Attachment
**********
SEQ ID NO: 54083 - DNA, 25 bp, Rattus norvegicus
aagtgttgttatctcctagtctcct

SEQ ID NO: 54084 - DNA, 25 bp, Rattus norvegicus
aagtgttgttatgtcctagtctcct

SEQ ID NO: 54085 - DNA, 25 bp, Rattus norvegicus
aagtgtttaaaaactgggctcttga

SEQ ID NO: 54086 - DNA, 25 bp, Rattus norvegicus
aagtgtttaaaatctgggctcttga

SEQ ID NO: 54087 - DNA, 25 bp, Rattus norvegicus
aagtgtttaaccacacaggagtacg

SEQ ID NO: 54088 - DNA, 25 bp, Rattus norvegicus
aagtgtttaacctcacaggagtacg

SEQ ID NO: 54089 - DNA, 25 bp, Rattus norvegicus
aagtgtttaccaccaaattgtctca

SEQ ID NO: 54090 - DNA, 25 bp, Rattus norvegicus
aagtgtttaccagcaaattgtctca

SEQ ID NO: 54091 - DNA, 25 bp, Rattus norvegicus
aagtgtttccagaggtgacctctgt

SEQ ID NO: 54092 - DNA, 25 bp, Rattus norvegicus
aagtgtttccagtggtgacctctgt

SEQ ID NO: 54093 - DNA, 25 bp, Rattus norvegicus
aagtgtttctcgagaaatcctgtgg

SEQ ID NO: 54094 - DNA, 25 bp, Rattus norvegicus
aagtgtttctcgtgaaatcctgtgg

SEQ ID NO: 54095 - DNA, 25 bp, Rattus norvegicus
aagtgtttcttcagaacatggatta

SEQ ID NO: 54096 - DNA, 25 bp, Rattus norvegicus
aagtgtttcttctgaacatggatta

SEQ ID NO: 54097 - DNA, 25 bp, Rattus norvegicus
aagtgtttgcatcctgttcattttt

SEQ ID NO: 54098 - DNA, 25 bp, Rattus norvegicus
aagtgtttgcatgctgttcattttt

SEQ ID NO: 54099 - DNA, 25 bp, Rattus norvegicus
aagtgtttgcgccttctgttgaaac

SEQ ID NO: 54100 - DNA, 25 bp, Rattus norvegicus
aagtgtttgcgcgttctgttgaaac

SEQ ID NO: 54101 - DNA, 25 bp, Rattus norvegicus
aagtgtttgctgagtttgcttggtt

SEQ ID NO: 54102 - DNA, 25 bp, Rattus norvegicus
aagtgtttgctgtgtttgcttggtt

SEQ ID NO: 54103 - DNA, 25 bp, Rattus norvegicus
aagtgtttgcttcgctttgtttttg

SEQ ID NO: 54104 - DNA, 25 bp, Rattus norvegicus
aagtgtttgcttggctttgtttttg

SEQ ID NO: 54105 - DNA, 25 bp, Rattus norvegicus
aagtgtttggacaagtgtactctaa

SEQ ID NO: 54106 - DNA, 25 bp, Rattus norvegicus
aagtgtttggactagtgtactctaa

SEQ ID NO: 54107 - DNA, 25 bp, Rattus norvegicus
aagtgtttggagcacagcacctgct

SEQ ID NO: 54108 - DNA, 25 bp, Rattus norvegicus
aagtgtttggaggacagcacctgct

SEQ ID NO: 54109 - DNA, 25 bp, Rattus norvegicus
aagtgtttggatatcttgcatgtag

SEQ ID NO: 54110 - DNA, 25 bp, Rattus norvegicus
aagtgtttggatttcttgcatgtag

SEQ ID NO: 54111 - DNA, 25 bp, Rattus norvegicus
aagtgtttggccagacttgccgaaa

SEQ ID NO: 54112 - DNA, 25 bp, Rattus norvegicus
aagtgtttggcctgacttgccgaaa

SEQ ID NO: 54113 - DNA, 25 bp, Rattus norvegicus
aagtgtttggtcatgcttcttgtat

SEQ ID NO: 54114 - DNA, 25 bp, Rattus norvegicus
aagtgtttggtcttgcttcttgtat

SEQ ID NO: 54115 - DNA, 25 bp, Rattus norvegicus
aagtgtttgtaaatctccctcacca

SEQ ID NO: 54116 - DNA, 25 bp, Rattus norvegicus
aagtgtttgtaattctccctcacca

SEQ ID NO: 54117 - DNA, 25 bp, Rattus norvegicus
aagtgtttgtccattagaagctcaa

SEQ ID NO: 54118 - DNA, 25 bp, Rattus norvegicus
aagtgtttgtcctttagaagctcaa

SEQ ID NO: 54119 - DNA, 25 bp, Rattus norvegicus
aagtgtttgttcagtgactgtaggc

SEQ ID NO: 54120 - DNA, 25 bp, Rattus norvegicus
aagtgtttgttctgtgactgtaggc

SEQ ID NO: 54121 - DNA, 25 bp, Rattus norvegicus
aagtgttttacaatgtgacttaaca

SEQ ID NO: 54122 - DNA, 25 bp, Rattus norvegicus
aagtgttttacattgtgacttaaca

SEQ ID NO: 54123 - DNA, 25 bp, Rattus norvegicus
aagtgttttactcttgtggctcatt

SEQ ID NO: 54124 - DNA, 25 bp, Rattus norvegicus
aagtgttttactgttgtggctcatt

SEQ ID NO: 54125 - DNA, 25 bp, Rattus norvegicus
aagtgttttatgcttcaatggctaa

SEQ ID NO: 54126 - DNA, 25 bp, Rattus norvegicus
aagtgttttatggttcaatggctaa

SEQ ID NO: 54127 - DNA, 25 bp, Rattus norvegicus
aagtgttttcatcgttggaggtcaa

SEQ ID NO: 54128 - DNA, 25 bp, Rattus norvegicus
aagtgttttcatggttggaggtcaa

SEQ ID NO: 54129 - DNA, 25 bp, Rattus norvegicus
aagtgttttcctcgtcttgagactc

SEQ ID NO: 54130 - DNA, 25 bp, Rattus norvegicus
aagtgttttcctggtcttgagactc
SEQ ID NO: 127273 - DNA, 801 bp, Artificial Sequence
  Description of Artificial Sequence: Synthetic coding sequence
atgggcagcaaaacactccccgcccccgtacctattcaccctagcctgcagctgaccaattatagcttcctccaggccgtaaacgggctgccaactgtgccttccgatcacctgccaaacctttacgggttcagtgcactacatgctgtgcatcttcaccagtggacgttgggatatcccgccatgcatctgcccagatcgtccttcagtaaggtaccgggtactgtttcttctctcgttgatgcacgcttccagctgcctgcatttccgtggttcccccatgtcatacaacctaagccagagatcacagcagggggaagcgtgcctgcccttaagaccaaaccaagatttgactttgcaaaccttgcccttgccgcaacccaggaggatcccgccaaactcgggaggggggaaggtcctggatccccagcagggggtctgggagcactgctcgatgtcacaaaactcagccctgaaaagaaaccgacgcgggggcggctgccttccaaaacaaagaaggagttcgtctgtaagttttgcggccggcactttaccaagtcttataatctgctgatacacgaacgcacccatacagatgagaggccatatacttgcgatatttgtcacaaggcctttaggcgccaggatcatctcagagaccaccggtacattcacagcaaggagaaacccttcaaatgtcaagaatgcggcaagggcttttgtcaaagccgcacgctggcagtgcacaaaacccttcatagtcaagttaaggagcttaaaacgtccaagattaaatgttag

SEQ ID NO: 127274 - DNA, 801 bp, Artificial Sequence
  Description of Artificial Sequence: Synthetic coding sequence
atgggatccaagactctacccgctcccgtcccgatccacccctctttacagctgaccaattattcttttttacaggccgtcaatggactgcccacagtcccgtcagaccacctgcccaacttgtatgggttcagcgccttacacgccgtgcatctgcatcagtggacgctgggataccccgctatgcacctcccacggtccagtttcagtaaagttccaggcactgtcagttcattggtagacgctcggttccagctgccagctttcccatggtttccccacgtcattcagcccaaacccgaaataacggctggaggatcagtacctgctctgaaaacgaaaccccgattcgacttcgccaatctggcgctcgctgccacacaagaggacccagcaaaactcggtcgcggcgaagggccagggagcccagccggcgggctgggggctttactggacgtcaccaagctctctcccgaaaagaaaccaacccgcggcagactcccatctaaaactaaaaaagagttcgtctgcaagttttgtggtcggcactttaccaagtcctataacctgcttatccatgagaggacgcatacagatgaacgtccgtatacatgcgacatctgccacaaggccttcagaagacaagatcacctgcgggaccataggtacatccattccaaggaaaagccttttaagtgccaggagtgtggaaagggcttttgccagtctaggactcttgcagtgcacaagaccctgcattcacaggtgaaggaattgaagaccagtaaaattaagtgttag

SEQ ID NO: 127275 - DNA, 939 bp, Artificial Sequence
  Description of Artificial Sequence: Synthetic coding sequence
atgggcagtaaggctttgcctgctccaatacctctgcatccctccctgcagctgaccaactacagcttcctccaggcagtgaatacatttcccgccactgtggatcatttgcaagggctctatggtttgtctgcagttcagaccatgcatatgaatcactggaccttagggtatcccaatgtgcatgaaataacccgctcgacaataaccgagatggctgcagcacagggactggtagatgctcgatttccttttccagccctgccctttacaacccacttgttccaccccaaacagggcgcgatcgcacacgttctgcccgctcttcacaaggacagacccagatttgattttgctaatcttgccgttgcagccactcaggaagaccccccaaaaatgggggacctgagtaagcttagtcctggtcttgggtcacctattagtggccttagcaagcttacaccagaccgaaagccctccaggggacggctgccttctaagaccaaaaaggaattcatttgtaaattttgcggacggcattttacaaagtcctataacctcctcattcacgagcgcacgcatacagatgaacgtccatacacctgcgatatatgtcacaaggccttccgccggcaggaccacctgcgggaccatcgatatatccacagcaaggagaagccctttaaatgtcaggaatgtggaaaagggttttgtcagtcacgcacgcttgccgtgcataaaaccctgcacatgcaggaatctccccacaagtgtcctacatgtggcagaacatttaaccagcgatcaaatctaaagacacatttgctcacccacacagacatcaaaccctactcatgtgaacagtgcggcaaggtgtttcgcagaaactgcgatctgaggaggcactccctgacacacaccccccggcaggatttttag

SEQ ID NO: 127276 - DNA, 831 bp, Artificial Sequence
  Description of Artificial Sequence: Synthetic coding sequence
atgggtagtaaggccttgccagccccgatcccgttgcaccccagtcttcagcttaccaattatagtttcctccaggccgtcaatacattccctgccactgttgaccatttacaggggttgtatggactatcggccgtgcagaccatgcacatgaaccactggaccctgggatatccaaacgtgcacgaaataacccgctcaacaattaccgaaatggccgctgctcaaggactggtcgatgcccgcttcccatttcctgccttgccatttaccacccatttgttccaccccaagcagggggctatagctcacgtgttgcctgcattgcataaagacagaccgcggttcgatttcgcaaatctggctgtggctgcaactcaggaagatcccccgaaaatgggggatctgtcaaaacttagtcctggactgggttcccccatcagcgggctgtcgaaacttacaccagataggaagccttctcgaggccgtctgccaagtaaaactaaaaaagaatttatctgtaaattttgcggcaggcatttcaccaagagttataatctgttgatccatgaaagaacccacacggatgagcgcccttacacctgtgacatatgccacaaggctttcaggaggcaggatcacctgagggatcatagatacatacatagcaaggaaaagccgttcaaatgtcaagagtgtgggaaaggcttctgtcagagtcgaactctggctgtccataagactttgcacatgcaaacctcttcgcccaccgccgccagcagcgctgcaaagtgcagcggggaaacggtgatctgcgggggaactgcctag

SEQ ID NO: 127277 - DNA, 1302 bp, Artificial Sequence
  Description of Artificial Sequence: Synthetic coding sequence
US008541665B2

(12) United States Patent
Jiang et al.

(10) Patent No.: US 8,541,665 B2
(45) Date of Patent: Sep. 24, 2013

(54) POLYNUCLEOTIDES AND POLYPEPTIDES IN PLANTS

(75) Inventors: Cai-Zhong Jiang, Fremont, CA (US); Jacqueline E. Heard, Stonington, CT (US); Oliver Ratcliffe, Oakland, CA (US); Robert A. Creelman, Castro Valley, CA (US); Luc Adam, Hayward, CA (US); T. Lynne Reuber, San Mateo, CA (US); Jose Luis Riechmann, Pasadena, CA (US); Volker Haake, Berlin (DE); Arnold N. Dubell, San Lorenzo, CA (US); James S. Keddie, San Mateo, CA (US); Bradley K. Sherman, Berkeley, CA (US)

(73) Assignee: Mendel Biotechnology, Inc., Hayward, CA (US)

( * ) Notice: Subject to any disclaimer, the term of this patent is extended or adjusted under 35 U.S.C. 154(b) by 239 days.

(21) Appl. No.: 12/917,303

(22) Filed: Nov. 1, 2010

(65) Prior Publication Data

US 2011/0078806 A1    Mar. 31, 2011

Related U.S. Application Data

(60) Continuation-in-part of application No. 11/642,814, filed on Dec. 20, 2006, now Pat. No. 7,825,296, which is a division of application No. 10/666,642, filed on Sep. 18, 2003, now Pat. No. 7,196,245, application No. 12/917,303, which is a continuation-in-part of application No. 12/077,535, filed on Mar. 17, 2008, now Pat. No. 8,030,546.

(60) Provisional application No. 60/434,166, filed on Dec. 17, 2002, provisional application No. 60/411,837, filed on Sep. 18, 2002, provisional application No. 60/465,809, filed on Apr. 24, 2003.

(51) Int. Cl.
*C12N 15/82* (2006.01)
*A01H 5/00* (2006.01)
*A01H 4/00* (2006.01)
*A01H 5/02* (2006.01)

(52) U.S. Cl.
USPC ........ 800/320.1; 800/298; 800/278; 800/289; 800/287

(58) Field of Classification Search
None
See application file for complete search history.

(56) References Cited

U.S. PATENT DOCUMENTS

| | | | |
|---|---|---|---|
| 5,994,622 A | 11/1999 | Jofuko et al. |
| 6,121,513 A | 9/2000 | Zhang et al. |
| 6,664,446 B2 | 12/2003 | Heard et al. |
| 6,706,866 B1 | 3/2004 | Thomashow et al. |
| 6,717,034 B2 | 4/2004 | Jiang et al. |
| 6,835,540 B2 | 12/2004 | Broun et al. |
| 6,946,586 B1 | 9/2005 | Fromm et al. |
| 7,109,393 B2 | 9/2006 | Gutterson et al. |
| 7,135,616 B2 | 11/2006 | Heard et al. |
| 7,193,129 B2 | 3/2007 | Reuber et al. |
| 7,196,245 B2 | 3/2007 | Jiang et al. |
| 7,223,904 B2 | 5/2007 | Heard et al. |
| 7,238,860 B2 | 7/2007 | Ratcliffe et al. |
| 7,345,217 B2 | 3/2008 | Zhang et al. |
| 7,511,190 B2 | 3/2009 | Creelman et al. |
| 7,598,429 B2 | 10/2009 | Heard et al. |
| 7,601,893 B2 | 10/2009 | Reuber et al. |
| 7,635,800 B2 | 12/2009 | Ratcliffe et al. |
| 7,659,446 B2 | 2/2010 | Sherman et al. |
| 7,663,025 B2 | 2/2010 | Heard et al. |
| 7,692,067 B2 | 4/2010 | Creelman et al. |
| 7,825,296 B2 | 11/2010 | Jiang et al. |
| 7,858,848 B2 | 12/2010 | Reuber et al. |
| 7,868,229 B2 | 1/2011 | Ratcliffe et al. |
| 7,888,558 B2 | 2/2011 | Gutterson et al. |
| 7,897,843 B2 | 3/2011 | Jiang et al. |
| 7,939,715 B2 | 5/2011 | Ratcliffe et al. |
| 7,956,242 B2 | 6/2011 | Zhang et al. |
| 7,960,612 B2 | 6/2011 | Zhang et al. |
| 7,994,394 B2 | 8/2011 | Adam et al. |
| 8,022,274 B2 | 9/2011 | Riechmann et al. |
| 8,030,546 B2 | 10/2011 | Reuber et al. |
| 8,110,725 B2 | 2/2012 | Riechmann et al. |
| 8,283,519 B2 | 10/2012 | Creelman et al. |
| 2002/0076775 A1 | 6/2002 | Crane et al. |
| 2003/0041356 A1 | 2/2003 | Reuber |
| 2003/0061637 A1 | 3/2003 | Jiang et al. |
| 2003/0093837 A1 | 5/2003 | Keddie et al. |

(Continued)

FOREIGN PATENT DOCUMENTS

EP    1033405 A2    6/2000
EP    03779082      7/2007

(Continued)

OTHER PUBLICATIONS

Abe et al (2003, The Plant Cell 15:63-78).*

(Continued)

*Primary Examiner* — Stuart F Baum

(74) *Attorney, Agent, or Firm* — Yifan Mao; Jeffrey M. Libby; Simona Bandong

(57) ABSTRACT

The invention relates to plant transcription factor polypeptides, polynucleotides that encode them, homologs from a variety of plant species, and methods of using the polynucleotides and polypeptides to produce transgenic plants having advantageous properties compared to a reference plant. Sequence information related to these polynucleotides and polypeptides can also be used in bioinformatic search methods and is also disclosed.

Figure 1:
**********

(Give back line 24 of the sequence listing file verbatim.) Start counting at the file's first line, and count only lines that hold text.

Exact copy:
aagtgtttctcgtgaaatcctgtgg